The TopicRank algorithm consists of the following steps:
- Topic Identification
- Graph Based Ranking
- Keyphrase Selection
1. Topic Identification
The authors refer to Hulth (2003) which stated that most keyphrases assigned by human readers are Noun Phrases. For this reason they claim that most important topics of a document can be identified by extracting Noun Phrases. To extract Noun Phrases the authors followed the approach by Wan and Xiao (2008) which extracts the longest sequence of Nouns and Adjectives as keyphrase candidates.
Here keyphrases with at least 25% overlapping words are considered similar. Each of the tokens present in the keyphrases are stemmed into root forms. In order to automate this step of grouping similar keyphrases, the authors used Hierarchical Agglomerative Clustering algorithm.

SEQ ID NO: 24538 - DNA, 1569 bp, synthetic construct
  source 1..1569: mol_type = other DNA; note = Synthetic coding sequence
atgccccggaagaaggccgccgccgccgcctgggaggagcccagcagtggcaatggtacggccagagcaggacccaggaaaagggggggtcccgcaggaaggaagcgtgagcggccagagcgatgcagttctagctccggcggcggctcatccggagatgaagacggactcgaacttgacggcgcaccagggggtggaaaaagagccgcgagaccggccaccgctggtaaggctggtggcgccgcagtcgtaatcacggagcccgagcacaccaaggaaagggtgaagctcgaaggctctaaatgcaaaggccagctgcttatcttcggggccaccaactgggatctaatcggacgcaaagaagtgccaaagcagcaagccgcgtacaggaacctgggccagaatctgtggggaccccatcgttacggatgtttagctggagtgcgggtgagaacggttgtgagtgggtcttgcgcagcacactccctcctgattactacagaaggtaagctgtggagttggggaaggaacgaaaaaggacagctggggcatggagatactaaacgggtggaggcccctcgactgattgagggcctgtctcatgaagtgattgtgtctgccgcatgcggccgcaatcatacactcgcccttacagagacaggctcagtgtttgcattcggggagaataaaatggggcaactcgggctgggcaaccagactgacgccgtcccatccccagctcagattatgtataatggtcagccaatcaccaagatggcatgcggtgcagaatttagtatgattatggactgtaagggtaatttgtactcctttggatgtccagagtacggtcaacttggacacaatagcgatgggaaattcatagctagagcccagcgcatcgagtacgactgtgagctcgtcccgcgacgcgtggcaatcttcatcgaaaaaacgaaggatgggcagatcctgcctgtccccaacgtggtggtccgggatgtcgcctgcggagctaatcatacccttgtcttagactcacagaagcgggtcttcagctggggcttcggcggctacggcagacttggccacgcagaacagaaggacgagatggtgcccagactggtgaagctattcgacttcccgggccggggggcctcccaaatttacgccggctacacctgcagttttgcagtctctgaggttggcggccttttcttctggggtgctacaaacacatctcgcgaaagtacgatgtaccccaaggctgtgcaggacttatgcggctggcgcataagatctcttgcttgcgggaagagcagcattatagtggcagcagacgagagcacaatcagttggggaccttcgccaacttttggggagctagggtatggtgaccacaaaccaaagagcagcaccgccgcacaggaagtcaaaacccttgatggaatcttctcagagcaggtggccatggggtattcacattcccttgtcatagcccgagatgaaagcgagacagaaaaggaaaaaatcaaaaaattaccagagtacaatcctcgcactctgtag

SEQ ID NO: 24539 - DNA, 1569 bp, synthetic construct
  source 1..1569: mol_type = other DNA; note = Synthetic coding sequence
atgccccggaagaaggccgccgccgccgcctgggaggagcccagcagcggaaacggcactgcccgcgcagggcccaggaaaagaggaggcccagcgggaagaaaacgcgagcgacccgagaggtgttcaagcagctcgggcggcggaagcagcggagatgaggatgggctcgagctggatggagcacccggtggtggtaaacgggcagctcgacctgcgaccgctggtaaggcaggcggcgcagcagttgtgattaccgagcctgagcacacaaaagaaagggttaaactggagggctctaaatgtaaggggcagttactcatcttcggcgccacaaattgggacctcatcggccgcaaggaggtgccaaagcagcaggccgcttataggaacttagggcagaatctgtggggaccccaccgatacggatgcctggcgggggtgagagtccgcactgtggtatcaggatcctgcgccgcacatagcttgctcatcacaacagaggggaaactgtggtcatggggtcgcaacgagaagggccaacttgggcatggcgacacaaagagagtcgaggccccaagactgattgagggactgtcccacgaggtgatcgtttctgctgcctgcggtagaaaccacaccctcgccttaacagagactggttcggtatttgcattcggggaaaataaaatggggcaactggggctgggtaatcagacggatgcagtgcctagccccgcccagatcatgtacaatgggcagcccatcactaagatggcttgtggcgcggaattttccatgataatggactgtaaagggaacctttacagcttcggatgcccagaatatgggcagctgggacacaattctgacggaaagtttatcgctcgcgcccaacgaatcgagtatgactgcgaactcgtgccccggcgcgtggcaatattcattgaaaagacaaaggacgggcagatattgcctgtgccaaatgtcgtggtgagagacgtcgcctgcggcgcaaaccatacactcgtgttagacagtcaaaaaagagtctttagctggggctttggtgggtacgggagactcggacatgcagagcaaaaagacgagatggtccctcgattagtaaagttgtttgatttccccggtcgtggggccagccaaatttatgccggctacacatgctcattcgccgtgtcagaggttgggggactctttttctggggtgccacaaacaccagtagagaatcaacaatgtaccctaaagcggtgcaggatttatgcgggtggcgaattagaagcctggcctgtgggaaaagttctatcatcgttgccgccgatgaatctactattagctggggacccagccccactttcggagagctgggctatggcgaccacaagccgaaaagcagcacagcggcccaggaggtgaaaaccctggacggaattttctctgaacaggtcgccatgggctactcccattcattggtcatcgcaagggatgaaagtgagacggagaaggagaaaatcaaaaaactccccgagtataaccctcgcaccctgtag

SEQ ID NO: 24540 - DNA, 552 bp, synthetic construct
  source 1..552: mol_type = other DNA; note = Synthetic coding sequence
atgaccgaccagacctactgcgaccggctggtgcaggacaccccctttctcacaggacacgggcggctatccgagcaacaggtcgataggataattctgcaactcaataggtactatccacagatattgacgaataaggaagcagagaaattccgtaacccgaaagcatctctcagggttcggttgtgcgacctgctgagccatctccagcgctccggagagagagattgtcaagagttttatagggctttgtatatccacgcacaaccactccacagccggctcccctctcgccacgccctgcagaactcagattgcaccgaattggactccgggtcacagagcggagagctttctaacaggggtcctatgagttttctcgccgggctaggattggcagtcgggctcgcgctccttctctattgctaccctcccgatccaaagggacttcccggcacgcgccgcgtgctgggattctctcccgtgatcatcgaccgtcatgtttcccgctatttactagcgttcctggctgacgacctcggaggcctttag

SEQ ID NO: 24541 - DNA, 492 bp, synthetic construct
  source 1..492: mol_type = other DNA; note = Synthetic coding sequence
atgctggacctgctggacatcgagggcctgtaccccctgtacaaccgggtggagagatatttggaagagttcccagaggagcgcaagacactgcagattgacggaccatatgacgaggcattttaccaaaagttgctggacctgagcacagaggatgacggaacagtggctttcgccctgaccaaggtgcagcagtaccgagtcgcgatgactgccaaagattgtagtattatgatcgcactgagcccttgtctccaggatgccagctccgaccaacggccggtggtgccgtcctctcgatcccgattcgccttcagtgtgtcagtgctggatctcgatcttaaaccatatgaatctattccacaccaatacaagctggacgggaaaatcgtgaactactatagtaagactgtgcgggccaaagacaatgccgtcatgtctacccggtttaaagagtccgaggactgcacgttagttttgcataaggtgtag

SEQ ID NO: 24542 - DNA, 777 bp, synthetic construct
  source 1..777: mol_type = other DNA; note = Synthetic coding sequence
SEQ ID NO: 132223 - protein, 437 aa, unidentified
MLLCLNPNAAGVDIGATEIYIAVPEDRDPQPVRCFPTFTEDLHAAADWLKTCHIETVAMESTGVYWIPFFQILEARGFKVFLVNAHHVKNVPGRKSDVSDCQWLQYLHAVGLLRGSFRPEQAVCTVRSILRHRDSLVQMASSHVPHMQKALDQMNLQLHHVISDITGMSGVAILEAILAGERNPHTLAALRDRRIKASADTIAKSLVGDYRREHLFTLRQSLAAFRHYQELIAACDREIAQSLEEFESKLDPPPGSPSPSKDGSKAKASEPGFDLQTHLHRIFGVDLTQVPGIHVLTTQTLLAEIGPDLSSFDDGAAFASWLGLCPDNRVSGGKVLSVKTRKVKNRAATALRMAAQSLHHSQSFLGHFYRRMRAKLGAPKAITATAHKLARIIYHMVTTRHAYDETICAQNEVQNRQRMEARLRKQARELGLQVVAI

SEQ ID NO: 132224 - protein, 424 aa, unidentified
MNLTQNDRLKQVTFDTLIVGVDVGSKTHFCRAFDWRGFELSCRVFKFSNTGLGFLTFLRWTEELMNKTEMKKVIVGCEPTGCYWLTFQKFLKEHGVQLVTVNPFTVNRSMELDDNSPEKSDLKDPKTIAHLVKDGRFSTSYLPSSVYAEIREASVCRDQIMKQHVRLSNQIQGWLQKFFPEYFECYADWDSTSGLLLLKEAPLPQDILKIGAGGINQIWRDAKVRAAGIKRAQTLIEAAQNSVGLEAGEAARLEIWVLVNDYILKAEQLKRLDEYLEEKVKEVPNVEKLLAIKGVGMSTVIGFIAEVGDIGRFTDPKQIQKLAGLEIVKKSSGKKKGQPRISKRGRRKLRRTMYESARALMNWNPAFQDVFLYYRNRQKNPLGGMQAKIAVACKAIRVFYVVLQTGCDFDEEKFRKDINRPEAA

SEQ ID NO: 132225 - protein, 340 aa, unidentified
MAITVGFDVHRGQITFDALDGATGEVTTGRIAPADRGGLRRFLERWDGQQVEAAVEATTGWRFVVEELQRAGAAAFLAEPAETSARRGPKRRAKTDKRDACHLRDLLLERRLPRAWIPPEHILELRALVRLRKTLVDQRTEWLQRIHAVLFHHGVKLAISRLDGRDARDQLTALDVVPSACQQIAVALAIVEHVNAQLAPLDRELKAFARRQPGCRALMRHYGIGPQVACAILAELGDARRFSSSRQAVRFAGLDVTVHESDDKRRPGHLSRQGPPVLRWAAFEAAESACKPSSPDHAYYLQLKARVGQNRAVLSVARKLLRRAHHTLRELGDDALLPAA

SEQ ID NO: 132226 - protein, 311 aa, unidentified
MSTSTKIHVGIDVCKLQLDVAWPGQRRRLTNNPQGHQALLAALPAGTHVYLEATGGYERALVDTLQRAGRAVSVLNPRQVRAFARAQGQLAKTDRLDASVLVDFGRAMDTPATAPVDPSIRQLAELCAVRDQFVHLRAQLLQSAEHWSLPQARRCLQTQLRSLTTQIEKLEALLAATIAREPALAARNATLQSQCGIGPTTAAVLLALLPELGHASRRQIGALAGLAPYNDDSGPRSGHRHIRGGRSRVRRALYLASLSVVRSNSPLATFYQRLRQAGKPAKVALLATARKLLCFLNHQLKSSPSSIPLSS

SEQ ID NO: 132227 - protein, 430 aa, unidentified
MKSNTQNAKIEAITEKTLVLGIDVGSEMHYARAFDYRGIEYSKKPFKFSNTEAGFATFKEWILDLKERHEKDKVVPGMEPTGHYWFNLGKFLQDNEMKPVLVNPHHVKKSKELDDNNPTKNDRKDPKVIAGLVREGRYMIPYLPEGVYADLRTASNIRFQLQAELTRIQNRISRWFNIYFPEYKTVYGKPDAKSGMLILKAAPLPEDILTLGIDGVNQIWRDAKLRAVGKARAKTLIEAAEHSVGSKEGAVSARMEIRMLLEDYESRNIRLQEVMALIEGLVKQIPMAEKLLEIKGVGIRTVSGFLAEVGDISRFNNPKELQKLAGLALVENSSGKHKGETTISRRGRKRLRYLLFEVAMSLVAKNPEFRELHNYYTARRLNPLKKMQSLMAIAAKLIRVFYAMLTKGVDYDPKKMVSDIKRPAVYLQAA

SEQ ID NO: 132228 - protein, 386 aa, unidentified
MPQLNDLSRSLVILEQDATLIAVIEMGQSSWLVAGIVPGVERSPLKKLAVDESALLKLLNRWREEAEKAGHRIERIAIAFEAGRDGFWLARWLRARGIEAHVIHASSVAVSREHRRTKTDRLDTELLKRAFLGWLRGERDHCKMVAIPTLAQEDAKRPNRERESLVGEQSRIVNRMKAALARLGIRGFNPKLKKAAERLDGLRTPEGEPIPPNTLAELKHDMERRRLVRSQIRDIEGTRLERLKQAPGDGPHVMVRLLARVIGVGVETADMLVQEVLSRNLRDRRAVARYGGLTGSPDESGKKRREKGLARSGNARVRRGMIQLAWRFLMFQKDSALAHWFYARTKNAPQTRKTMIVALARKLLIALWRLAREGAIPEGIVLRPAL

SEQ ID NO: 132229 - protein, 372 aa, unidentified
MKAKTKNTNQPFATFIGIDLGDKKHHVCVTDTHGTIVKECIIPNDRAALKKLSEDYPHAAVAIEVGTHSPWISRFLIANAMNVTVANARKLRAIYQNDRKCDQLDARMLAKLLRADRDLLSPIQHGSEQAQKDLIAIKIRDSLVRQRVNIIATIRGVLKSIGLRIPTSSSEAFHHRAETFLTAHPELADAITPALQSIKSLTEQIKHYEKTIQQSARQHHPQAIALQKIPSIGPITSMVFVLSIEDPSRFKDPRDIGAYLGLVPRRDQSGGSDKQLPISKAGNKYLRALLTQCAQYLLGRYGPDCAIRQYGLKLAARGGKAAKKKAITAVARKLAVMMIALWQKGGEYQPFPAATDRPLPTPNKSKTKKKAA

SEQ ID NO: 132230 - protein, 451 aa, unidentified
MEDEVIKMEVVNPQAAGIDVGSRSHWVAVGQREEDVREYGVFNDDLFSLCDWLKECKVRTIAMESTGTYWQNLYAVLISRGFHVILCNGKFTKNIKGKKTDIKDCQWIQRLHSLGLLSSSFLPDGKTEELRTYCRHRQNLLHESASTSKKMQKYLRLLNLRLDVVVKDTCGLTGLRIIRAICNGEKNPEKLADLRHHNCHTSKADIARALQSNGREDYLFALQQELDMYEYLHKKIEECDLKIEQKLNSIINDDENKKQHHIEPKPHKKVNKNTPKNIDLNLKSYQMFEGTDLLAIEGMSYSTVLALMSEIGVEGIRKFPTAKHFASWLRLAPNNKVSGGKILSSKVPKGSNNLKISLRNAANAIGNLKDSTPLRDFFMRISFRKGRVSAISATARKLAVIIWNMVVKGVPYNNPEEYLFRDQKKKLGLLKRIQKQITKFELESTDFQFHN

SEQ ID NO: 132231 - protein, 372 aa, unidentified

2. Graph Based Ranking
The graph constructed here is a complete weighted graph where the vertices are topics and the edge between two topics ti and tj is assigned a weight based on the strength of the semantic relation between the two topics. A strong semantic relationship is determined based on how close the keyphrase candidates of the two topics appear in the document and is defined as follows:
where dist(ci;cj) refers to the reciprocal dis- tances between the offset positions of the candidate keyphrases ci and cj in the document and where pos(ci) represents all the offset positions of the candidate keyphrase ci. Unlike TextRank or SingleRank, TopicRank doesn’t require the need of choosing a window size because it instead computes the weights based on the distances between offset positions. The next step is to apply the Graph-Based TextRank algorithm to rank the topics.